*Since its inception in 1965, the New York Urban League (NYUL) Frederick Douglass awards dinner has recognized a wide range of private and public-sector leaders including Ossie Davis and Ruby Dee, Dr. Betty Shabazz, Russell Simmons and Bud Selig, whose contributions have helped break down racial obstacles and promote opportunities for the less fortunate.
At the organization’s 2011 event Thursday, May 12, 2011 at the Mandarin Oriental Hotel featuring a reception followed by a formal dinner and program hosted by the NYUL board of directors and the gala dinner committee, former New York City Mayor David N. Dinkins, celebrity chef and owner, Red Rooster Harlem restaurant Marcus Samuelsson, and peace activist Cora Weiss names have been added to that distinguished list in recognition of their efforts to promote equal opportunity and civil rights.
Honorees Dinkins and Samuelsson received the Frederick Douglass Awards named in honor of the former slave who rose to prominence as one of the nation’s most influential abolitionists, and Weiss received the Ann S. Kheel Award. Proceeds from the evening go to support NYUL’s core programs in education and employment.
More than 340 guests attended the black tie event including Mayor Michael Bloomberg, former Governor David Paterson, New York City Schools Chancellor Dennis Walcott, businesswoman and philanthropist Loida Lewis, previous FDD recipient Frank Thomas, real estate mogul Daniel Rose, SNY sportscaster Brian Custer and NY1 anchor Errol Louis.
As guests entered the beauteous Mandarin Ballroom for dinner, on the back of each seat was a bottle of Moet & Chandon Imperial Champagne in a special container bag adorned with the NYUL logo. This should give you an idea of the type of event it was.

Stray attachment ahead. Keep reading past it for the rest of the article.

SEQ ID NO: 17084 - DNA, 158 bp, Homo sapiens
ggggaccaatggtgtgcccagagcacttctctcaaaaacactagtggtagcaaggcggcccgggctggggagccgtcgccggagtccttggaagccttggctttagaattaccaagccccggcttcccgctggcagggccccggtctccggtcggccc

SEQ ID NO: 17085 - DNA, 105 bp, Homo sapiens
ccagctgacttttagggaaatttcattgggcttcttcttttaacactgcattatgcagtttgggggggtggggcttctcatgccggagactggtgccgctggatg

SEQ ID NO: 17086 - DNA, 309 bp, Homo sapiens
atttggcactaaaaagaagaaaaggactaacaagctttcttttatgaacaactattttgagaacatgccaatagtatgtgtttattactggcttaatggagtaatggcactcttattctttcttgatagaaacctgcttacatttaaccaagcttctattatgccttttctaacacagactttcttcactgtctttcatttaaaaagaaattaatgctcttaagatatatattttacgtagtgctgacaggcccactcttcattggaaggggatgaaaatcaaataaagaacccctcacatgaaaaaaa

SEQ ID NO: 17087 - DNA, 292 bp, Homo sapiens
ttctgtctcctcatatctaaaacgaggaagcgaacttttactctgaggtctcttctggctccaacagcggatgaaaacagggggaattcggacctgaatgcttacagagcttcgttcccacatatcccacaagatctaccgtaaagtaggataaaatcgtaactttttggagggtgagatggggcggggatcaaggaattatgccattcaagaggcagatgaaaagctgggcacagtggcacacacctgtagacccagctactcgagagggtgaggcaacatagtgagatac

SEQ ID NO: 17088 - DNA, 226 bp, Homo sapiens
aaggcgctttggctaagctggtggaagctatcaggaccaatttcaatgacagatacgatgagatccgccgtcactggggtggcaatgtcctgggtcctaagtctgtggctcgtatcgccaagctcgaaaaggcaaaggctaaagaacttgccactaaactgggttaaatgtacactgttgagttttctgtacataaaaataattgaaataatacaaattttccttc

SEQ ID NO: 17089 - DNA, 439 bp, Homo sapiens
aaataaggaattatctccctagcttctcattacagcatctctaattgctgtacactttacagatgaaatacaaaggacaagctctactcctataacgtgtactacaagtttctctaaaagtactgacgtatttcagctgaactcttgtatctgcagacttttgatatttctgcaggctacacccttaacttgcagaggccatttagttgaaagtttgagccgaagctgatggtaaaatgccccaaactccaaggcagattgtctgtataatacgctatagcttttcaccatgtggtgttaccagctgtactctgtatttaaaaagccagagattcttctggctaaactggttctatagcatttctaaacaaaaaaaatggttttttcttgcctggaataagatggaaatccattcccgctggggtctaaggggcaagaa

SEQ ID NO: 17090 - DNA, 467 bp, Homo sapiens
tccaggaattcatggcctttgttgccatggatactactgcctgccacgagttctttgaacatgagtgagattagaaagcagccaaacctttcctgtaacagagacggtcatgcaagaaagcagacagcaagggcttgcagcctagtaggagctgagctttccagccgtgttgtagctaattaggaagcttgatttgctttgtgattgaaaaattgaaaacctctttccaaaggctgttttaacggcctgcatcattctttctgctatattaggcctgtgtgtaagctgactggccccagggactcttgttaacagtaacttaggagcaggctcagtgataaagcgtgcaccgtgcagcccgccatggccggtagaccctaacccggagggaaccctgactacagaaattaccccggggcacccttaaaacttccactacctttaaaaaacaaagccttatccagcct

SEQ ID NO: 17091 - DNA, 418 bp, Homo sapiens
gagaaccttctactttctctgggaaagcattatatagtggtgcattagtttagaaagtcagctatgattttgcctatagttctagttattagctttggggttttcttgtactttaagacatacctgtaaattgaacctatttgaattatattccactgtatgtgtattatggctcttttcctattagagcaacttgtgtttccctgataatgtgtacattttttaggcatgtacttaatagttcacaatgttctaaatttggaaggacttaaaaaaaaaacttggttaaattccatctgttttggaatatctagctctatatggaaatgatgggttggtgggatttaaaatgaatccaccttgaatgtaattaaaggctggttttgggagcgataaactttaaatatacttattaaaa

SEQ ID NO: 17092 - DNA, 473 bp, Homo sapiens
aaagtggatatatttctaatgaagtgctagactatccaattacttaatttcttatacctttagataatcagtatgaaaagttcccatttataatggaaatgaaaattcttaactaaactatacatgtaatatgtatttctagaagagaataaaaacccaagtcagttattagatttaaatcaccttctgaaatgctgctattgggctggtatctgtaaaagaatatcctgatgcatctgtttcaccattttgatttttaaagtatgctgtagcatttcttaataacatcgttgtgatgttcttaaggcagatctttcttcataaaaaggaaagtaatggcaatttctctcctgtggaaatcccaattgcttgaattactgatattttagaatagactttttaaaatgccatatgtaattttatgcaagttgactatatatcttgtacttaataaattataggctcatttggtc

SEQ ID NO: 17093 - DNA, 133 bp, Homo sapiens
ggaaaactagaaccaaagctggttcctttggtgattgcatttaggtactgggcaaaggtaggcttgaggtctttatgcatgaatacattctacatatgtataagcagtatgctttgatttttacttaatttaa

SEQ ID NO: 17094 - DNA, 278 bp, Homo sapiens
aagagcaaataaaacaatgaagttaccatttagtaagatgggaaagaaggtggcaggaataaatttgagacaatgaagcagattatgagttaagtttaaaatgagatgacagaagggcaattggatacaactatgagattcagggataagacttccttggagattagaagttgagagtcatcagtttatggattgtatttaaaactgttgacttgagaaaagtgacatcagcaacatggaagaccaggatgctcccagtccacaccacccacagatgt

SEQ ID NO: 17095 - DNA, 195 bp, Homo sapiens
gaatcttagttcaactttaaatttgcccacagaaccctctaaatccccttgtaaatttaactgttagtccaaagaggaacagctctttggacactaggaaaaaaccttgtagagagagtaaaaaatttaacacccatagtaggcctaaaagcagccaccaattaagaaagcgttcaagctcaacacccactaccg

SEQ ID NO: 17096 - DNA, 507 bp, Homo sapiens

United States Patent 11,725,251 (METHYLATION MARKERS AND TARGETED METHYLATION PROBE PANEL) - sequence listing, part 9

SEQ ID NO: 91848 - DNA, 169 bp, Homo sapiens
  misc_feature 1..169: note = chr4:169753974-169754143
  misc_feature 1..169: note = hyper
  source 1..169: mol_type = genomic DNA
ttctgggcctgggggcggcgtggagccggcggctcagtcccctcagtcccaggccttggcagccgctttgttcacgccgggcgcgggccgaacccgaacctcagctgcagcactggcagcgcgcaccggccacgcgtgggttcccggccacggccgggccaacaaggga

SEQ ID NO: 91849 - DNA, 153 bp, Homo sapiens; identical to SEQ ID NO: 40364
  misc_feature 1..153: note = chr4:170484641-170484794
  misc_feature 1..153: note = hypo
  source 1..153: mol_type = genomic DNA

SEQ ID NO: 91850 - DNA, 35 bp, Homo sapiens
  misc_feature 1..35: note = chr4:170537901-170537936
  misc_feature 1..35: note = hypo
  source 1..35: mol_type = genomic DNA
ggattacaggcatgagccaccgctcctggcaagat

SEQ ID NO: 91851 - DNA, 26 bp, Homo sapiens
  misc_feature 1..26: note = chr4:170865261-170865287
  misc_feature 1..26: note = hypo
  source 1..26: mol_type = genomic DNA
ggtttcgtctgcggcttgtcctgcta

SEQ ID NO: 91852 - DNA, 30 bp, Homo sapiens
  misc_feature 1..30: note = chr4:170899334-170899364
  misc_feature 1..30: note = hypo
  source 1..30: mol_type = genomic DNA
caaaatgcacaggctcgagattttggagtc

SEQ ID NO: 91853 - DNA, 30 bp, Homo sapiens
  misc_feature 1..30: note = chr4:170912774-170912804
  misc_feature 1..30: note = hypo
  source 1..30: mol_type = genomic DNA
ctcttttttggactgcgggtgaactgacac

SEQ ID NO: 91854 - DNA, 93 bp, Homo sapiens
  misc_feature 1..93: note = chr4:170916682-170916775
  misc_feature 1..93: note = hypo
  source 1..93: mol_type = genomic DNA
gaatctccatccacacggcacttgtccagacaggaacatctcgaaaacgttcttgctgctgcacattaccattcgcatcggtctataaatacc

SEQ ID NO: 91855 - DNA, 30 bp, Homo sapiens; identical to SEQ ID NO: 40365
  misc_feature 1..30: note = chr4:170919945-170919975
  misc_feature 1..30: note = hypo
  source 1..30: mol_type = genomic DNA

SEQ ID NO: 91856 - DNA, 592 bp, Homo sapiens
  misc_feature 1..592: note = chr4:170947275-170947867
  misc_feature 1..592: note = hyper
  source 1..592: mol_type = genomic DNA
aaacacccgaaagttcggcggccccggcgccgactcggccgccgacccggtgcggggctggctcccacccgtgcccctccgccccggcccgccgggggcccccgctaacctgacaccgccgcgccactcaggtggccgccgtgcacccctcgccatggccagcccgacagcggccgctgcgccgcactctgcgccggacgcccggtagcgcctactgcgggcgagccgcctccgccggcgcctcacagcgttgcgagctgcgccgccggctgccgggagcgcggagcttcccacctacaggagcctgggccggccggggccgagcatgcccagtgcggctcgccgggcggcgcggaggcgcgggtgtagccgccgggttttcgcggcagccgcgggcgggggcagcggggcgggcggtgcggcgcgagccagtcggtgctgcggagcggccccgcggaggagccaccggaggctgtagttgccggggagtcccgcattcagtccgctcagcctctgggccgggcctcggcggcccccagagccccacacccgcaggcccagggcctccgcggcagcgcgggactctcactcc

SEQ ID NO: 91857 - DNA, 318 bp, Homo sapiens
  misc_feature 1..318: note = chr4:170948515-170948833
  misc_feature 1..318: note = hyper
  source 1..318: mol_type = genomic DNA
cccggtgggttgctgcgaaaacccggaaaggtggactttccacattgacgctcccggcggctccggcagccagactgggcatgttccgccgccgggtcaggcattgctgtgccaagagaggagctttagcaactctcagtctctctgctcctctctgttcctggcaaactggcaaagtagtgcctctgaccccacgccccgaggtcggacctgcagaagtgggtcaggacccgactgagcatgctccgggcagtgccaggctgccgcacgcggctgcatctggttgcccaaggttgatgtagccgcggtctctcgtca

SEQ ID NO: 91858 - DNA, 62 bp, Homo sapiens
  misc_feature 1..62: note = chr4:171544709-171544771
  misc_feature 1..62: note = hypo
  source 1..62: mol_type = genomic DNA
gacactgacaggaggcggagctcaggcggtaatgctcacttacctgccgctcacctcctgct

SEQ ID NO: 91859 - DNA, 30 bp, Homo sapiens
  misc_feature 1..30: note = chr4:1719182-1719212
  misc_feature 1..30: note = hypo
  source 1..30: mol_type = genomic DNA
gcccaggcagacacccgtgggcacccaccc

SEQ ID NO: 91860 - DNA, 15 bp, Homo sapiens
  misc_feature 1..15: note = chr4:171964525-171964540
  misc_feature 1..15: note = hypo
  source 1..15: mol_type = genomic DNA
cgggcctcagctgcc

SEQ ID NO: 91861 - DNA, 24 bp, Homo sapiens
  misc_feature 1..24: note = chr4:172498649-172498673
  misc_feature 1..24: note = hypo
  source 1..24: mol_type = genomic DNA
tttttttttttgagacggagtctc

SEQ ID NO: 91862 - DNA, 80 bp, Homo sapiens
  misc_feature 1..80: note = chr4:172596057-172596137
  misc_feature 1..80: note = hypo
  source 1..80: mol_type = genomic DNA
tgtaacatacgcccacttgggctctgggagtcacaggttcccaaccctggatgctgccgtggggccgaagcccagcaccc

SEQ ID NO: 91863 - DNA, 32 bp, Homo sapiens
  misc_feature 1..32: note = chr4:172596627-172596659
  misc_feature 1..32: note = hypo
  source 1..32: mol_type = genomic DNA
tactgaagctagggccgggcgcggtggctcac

Then guests were greeted by NYUL president and CEO Arva Rice, resplendent in a blue gown and sporting a new and becoming hairdo, who took it up another notch or two. Rice beamed as she relayed a story to the audience of how Frederick Douglass’ slave owner unsuccessfully tried to halt his efforts to learn to read to show how far African-Americans have progressed since his time.
“Clearly, over 150 years, one African-American president and a billionaire media mogul later, we can say that African-Americans are free. But it is through the continued access to and mastery of reading that our young people will be dissatisfied with their positions and seek to do more,” she said.
“It was Frederick Douglass who provided us with this year’s theme, ‘Once You Learn To Read, You Will Be Forever Free.’ It is our role to provide young people with education and adults with job training and placement so that they can be free to live up to their true potential,” Rice concluded.
Larry Quinlan, chief information officer, Deloitte LLP served as gala chair. Agnes Gund, Honorable David A. Paterson and Franklin A. Thomas and Kate R. Whitney served as honorary co-chairs.
Carlos Austin, Noel Hankin, Dwight Johnson, Elinor Tatum and Alicia Williamson served as gala dinner committee. Josefina Aguayo, Lauren Bias, Brian Dixon and Terrie Williams served as gala benefit committee. WNBC-TV News Anchor David Ushery did a wonderful job in keeping guests entertained as Master of Ceremonies.
This event continues to be held in high esteem because of the generous donations by sponsors: Microsoft, Walmart (tribute sponsor); Bloomberg, MacAndrews & Forbes Holdings Inc., Morgan Stanley (abolitionists), Major League Baseball (orator); and Deloitte LLP, The Kheel Family / TASK Foundation, Macy’s, Moet Hennessy USA, MTV Networks, New York Daily News, UPS (statesmen). (Photos by Margot Jordan)
Audrey J. Bernard is an established chronicler of Black society and Urban happenings based in the New York City area.